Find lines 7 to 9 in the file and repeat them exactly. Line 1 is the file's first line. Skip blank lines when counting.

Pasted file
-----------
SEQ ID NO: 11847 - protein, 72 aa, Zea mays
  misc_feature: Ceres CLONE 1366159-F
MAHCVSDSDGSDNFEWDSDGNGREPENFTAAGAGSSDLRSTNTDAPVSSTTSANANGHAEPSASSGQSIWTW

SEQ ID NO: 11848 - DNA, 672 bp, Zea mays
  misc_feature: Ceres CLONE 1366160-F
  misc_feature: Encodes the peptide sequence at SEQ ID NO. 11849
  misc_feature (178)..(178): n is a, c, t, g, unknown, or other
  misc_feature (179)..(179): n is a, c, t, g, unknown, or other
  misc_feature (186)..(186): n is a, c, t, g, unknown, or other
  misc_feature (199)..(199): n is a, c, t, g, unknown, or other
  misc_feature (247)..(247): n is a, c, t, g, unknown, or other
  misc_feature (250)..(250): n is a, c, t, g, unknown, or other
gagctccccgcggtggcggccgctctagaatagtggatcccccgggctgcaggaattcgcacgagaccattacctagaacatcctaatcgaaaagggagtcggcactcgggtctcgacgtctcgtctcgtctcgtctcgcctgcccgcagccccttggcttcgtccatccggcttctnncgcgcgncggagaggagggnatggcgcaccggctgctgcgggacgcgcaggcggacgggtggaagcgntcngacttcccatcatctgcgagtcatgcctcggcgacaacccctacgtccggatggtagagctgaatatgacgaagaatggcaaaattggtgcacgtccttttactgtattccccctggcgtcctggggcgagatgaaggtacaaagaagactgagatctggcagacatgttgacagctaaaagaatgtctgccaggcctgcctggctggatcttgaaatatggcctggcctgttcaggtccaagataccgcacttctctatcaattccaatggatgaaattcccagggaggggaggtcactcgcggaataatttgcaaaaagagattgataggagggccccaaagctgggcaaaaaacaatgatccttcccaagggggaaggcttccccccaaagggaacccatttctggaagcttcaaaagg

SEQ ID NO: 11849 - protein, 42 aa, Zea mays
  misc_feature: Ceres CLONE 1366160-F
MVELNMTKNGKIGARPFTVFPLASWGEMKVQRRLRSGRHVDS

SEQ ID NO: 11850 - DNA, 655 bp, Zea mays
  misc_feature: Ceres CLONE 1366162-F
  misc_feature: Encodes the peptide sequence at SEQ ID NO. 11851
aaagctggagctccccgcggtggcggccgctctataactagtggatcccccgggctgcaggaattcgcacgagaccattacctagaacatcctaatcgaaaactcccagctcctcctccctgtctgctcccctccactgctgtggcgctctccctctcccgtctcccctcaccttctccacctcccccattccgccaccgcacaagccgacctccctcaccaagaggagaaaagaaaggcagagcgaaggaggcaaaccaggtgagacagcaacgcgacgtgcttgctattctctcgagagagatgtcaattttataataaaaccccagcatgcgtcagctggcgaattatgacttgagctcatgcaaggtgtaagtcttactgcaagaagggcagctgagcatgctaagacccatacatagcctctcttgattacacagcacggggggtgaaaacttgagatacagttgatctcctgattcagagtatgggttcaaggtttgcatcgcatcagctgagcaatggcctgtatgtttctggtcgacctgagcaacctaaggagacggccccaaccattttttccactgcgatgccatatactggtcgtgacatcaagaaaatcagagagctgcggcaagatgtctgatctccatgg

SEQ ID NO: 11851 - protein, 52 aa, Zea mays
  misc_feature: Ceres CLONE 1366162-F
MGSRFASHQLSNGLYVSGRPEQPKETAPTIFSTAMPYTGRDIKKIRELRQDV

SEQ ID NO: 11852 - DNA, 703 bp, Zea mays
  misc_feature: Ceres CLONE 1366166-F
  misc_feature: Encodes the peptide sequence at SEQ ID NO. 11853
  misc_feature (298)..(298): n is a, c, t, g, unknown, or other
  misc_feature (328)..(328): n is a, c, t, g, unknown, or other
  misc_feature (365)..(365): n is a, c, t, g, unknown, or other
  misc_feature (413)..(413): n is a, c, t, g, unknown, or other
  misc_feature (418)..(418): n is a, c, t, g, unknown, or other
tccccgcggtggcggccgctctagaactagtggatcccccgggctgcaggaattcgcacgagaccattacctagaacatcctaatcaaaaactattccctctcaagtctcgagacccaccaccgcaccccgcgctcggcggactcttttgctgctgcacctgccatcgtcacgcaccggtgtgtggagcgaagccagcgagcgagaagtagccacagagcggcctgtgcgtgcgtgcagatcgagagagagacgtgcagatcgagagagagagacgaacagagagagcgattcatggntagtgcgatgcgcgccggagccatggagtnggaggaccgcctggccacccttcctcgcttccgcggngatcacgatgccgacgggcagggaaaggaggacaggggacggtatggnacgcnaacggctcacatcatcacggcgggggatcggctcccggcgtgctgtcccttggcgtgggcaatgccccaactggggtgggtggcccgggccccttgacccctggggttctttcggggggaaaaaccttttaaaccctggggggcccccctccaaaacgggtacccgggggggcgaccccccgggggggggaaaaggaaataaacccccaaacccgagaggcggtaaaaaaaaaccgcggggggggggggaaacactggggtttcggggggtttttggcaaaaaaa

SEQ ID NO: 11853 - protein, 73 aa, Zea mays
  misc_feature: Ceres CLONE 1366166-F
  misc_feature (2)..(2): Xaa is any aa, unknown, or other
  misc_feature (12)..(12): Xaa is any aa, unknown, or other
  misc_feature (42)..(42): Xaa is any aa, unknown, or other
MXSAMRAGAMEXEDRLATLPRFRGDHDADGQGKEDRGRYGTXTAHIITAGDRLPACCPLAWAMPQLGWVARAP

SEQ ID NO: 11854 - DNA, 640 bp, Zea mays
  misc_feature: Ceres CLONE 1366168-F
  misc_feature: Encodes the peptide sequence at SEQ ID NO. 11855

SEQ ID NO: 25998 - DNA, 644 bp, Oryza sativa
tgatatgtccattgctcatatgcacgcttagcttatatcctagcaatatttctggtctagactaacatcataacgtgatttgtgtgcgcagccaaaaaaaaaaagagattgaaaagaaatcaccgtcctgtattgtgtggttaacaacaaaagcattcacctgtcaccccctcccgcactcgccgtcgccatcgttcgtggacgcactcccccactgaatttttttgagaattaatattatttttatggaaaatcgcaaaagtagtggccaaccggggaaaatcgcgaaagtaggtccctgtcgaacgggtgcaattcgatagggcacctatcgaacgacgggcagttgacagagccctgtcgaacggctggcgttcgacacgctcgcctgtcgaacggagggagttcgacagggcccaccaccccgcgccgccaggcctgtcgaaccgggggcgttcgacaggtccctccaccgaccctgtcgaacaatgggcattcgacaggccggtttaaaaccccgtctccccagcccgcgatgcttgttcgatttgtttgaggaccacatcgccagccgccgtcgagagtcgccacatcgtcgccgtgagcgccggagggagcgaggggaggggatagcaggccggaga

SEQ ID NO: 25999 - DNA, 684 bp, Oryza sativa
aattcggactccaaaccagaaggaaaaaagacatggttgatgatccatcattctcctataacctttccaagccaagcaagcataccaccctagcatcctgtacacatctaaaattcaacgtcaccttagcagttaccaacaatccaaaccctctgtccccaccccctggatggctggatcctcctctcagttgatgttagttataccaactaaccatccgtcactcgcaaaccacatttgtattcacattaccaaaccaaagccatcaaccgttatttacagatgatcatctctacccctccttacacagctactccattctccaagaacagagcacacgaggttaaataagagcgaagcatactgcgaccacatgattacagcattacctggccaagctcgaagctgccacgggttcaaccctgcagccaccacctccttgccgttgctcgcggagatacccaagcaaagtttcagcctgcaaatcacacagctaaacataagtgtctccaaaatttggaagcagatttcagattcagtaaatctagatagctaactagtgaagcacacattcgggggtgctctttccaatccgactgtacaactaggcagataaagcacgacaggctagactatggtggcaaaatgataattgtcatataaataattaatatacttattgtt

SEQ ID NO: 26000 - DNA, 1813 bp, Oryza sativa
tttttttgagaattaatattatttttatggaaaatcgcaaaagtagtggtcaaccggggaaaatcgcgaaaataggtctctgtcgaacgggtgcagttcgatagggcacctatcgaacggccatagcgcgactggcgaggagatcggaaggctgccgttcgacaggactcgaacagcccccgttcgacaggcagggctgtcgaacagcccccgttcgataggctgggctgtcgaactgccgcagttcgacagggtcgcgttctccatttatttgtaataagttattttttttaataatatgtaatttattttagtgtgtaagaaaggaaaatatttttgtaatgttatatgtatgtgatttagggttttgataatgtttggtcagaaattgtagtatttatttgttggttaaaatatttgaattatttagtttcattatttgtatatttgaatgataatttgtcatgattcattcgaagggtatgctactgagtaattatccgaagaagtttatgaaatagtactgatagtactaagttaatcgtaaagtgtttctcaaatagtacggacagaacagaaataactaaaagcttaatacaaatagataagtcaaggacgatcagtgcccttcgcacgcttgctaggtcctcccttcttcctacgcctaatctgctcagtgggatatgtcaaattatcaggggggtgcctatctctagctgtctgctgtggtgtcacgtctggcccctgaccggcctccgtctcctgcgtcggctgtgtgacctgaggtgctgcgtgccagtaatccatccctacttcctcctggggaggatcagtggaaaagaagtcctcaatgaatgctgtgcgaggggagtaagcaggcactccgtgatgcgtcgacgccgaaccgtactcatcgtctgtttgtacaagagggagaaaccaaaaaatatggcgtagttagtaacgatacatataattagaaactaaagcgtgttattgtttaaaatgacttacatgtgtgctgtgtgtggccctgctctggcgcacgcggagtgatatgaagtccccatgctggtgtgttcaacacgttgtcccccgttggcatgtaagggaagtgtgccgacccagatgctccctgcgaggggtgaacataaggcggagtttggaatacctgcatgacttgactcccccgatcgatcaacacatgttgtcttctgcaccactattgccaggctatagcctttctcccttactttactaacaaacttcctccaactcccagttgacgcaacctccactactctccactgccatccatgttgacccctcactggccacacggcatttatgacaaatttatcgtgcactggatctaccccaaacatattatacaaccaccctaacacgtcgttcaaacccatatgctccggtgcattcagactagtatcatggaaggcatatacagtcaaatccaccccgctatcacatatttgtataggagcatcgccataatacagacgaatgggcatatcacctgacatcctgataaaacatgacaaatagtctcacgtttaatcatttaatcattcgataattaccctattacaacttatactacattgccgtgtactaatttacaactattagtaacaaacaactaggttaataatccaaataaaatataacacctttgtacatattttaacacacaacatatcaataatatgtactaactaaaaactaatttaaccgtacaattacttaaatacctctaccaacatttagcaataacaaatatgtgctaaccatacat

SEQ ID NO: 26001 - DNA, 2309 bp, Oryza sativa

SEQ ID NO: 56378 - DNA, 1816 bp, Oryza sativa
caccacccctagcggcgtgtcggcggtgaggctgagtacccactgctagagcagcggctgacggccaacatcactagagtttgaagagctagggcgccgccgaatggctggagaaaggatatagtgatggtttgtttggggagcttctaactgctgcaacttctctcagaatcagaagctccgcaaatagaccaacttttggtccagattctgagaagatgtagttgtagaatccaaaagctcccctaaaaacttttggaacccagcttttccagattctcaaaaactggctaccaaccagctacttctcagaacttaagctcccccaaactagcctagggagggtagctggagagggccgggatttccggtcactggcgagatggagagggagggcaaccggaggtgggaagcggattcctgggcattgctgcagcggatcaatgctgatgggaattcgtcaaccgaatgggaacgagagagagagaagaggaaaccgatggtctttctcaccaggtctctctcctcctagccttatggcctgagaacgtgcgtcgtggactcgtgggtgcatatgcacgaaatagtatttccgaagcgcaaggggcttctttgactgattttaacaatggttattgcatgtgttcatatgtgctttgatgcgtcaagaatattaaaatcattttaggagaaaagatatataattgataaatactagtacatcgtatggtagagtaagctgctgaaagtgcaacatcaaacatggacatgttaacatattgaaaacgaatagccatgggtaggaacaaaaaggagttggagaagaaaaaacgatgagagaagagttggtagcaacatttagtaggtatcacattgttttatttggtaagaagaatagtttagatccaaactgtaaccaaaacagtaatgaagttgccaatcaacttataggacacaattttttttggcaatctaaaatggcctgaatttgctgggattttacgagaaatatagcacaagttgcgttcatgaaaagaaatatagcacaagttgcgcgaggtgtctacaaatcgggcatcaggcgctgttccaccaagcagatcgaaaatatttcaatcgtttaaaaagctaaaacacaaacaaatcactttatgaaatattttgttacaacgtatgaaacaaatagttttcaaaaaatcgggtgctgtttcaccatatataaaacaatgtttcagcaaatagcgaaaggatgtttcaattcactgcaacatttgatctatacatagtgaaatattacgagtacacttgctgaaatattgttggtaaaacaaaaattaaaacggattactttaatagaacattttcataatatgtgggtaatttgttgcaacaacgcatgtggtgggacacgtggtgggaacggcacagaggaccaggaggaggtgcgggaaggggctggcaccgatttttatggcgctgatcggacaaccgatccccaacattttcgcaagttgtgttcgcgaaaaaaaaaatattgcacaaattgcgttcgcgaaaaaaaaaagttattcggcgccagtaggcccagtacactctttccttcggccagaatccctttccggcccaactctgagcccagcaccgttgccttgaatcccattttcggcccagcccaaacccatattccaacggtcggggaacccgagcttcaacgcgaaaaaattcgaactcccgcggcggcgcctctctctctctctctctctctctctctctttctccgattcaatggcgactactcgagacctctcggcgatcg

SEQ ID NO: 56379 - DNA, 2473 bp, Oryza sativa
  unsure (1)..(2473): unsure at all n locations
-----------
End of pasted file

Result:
  misc_feature (178)..(178): n is a, c, t, g, unknown, or other
  misc_feature (179)..(179): n is a, c, t, g, unknown, or other
  misc_feature (186)..(186): n is a, c, t, g, unknown, or other